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“PASS” Principles for Predictable Bone Regeneration

Wang, Hom-Lay DDS, MSD*; Boyapati, Lakshmi BDS

doi: 10.1097/01.id.0000204762.39826.0f
Clinical Science and Techniques
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Guided bone regeneration is a well-established technique used for augmentation of deficient alveolar ridges. Predictable regeneration requires both a high level of technical skill and a thorough understanding of underlying principles of wound healing. This article describes the 4 major biologic principles (i.e., PASS) necessary for predictable bone regeneration: primary wound closure to ensure undisturbed and uninterrupted wound healing, angiogenesis to provide necessary bloodsupply and undifferentiated mesenchymal cells, space maintenance/creation to facilitate adequate space for bone ingrowth, and stability of wound and implant to induce blood clot formation and uneventful healing events. In addition, a novel flap design and clinical cases using this principle are presented.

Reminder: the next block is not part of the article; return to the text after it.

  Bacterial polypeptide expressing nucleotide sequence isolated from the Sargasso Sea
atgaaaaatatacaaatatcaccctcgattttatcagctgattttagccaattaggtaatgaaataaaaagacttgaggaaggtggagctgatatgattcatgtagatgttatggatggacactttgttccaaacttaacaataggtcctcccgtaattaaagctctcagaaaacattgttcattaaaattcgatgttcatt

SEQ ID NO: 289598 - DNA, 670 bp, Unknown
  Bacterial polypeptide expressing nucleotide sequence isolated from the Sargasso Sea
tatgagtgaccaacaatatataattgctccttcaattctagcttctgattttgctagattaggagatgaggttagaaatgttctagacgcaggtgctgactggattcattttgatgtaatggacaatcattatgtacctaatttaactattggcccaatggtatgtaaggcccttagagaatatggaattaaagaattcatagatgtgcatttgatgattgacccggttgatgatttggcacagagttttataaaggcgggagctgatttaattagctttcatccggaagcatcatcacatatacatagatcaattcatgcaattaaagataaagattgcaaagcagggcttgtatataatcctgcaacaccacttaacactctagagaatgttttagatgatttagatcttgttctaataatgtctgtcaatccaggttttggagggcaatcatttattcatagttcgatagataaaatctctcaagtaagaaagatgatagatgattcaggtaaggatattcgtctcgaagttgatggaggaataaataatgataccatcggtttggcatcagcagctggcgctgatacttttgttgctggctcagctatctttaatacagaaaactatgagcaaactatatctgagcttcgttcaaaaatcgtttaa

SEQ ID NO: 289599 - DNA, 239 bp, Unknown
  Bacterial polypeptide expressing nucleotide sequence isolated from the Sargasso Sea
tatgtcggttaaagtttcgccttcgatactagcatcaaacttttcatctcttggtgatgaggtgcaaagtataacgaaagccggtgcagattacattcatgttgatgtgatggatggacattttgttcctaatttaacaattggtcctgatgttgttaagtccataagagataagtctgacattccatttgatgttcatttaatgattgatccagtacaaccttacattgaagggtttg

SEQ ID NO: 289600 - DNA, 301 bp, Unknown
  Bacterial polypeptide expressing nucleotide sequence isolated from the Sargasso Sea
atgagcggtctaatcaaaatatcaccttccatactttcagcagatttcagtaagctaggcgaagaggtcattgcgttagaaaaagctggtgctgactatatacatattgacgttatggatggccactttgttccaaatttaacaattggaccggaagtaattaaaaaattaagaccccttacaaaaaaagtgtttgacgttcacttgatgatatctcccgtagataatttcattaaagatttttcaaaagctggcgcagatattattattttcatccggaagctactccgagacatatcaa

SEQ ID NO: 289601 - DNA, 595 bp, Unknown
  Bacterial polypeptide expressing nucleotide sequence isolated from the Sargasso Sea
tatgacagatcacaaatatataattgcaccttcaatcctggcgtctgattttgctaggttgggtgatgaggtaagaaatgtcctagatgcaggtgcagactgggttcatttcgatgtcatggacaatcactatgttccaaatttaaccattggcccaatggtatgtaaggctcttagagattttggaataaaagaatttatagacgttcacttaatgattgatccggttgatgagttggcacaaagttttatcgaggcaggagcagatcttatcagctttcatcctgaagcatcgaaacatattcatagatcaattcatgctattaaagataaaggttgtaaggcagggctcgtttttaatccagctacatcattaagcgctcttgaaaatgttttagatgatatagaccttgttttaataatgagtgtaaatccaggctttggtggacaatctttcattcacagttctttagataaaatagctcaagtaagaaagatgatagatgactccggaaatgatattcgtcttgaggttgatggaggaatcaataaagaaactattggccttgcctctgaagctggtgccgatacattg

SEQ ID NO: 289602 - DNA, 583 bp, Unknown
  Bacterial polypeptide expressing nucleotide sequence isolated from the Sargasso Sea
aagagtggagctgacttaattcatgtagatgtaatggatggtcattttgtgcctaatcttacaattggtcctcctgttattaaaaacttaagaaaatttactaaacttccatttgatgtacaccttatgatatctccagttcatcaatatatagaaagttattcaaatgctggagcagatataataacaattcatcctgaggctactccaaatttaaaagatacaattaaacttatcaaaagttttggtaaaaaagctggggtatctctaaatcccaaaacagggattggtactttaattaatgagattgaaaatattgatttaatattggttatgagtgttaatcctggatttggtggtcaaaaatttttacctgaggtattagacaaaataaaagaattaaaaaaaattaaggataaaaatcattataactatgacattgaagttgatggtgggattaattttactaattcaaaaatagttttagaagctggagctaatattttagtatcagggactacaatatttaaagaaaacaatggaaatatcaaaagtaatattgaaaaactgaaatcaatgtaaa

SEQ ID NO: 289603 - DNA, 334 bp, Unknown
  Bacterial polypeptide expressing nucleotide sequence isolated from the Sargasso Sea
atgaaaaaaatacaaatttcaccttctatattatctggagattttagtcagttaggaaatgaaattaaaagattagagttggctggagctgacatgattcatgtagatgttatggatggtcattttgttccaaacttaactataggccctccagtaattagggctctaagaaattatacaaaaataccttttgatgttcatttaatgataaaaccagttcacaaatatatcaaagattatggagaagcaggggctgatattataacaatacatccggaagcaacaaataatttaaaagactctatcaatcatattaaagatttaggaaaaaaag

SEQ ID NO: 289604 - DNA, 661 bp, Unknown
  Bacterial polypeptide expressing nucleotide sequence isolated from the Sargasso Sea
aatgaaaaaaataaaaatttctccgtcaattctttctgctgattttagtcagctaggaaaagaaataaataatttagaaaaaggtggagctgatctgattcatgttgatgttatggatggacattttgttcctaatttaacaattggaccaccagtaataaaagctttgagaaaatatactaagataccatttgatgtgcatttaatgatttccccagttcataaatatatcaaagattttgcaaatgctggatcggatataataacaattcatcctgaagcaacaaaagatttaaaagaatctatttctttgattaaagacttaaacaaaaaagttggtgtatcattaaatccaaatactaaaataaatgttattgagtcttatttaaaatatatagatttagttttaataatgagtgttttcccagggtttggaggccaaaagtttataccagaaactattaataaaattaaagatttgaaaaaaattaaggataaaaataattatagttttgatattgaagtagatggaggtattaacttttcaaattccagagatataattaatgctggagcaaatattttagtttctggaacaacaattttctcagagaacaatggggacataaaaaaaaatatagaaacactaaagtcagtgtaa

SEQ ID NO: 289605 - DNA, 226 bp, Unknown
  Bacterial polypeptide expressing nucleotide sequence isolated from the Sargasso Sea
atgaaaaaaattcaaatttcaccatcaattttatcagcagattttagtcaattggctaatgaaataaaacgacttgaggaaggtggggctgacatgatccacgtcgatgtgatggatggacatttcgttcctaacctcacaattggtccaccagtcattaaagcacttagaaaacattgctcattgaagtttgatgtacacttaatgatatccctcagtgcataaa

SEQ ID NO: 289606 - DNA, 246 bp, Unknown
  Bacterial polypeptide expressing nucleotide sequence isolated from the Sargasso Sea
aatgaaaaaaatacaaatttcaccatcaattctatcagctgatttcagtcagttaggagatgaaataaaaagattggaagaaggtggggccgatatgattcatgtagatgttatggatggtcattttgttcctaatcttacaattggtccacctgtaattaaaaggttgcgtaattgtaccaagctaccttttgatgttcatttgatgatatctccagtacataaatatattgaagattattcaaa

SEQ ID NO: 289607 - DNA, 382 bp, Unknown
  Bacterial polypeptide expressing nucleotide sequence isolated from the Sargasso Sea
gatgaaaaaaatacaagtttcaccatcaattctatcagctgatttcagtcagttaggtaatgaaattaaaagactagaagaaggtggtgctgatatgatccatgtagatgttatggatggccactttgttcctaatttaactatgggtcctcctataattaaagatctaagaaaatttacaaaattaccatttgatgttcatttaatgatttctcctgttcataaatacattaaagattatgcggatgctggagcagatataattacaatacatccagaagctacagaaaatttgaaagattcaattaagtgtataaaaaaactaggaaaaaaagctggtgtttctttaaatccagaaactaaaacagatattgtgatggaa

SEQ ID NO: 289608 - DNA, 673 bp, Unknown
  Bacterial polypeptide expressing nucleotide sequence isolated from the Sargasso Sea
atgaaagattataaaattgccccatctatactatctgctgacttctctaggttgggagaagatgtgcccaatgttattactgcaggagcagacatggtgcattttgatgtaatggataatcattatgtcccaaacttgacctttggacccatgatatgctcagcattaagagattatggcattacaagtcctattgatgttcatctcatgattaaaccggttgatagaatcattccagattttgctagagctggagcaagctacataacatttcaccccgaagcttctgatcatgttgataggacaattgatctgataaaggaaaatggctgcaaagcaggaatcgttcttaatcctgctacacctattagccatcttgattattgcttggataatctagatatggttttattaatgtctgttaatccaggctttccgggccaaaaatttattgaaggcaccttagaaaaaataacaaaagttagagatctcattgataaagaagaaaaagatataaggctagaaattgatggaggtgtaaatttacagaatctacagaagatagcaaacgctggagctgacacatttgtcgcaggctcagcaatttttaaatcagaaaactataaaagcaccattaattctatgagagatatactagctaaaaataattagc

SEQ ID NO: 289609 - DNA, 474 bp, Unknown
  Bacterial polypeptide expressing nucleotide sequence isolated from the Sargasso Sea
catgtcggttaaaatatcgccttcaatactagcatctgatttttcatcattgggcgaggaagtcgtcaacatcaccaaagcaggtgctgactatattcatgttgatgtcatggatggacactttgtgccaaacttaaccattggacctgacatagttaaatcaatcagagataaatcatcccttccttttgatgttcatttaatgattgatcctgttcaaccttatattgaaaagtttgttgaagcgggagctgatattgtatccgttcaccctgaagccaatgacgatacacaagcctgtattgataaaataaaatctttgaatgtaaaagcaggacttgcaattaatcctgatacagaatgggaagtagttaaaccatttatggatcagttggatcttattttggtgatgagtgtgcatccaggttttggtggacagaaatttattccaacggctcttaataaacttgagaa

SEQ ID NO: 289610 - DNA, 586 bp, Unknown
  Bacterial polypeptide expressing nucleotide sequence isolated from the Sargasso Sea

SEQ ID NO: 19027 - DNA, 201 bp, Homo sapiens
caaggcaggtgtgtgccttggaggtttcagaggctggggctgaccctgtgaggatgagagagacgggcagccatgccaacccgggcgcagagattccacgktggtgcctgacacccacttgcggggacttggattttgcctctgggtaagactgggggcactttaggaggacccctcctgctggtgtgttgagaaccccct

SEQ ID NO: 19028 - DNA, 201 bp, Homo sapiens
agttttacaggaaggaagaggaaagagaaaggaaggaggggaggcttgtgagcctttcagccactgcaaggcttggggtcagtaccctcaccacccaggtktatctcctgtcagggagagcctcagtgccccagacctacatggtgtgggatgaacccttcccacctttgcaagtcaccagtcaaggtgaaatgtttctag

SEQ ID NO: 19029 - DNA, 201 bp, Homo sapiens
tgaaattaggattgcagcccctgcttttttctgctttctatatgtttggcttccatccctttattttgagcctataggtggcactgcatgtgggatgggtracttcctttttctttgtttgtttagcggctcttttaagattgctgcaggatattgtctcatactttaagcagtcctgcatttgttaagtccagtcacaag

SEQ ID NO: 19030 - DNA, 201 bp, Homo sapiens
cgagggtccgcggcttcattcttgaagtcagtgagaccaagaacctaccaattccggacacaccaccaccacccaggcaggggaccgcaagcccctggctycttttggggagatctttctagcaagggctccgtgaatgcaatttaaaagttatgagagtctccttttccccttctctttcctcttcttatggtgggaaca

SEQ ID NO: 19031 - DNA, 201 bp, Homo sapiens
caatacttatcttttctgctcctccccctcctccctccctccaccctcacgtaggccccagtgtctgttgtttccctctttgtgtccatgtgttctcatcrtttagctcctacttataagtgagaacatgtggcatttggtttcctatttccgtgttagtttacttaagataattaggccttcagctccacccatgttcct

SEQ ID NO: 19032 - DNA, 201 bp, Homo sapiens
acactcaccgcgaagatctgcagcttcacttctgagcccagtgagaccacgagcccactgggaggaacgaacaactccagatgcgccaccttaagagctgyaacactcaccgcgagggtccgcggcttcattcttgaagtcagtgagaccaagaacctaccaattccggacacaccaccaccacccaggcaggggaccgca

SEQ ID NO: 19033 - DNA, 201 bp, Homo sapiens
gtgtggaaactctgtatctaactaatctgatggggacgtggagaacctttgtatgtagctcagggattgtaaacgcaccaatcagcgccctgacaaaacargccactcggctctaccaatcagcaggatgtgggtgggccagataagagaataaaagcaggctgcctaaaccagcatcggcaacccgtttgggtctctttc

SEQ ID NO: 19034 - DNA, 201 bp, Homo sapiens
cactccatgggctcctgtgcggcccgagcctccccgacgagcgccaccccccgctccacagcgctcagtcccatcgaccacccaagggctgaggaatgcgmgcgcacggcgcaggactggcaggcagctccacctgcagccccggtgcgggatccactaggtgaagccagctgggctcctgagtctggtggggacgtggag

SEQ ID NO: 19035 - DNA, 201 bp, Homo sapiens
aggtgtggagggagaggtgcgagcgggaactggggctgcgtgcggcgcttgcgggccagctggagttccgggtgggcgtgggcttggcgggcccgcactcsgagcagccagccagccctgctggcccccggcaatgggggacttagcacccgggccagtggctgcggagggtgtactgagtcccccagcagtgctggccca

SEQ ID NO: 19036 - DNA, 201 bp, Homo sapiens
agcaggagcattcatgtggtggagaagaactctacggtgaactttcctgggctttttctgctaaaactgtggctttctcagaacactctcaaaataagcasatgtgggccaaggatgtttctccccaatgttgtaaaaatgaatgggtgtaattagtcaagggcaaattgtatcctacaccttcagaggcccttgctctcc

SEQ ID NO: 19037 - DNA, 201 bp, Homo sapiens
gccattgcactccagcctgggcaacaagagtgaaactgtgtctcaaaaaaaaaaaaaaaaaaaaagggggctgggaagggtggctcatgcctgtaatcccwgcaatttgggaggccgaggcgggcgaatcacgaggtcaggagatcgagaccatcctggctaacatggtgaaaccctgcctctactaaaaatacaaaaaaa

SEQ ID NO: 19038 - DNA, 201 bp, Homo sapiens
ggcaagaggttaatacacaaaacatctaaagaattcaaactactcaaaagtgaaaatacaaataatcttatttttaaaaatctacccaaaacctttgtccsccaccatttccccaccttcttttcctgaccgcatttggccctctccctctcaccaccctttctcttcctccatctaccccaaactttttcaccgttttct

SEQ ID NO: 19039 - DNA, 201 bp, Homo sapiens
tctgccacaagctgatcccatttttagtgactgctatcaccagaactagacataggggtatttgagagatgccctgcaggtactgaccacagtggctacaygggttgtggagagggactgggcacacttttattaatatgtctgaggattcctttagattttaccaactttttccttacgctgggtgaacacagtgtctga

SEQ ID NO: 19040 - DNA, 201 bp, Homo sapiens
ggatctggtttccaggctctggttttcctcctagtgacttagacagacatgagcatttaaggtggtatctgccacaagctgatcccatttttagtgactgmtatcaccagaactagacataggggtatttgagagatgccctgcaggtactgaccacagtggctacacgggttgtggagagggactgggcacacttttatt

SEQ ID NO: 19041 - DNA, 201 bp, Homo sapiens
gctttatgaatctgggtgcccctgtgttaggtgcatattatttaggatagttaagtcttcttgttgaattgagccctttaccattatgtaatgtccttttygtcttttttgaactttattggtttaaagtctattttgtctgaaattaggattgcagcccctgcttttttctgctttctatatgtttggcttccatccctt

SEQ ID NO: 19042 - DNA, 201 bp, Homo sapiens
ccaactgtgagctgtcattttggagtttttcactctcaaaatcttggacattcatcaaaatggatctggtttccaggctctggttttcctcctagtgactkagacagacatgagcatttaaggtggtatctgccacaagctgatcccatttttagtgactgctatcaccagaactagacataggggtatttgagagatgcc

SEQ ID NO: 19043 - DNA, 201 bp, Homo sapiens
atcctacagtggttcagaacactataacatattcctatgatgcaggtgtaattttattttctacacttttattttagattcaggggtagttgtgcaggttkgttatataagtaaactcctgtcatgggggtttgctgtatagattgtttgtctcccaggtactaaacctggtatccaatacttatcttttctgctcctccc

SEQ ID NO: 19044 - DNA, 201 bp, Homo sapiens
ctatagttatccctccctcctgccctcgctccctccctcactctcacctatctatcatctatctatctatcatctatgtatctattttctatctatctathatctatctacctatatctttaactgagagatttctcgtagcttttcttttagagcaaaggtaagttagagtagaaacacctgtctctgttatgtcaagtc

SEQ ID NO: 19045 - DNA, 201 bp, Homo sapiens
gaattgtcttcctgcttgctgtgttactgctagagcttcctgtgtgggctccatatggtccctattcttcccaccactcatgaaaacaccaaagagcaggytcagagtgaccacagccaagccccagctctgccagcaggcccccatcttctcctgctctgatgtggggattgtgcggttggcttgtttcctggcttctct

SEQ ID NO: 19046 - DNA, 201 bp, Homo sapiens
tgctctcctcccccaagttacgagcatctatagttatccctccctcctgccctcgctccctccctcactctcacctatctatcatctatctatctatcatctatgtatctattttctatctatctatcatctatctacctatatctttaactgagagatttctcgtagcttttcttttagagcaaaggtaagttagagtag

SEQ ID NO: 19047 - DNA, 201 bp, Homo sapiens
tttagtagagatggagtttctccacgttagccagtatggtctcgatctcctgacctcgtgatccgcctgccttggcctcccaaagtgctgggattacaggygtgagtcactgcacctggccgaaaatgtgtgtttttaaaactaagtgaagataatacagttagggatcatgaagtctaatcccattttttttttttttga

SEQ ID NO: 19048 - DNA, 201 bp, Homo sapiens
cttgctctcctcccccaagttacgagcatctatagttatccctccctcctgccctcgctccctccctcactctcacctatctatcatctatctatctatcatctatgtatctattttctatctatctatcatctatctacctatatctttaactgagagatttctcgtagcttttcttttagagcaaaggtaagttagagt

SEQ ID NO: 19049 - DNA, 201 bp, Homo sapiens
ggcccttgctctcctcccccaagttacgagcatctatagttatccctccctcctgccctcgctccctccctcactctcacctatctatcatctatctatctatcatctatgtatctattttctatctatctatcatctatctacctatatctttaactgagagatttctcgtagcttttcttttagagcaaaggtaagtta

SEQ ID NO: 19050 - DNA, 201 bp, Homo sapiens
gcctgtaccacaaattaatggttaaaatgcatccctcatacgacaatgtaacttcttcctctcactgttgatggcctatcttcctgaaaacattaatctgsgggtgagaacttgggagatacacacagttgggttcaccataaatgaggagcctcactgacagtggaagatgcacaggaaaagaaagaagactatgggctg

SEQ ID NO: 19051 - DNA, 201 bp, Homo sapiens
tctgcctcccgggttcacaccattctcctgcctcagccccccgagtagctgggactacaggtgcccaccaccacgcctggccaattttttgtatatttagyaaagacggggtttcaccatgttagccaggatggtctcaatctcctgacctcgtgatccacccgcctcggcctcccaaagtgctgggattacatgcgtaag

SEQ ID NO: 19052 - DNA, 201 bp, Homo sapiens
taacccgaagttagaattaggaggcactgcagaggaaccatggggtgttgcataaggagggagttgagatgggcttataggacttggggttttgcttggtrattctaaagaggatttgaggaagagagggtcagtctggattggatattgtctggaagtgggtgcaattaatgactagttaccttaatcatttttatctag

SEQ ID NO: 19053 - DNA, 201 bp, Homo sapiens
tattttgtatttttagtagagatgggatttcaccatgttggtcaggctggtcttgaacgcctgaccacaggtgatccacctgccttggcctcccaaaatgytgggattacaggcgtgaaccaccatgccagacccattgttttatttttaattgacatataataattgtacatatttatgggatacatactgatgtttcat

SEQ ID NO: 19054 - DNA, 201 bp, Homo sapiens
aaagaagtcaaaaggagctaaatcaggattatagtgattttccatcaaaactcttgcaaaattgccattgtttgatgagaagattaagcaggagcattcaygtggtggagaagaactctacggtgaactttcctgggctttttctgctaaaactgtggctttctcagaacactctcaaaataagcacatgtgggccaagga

*Professor and Director of Graduate Periodontics, Department of Periodontics and Oral Medicine, School of Dentistry, University of Michigan, Ann Arbor, MI.

†Resident, Department of Periodontics and Oral Medicine, School of Dentistry, University of Michigan, Ann Arbor, MI.

Reprint requests and correspondence to:

Hom-Lay Wang, DDS, MSD; Professor and Director of Graduate Periodontics; Department of Periodontics and Oral Medicine; University of Michigan School of Dentistry; 1011 North University Avenue; Ann Arbor, MI 48109-1078; Tel: (734) 763-3383; Fax: (734) 936-0374; E-mail: homlay@umich.edu

© 2006 by Lippincott Williams & Wilkins, Inc.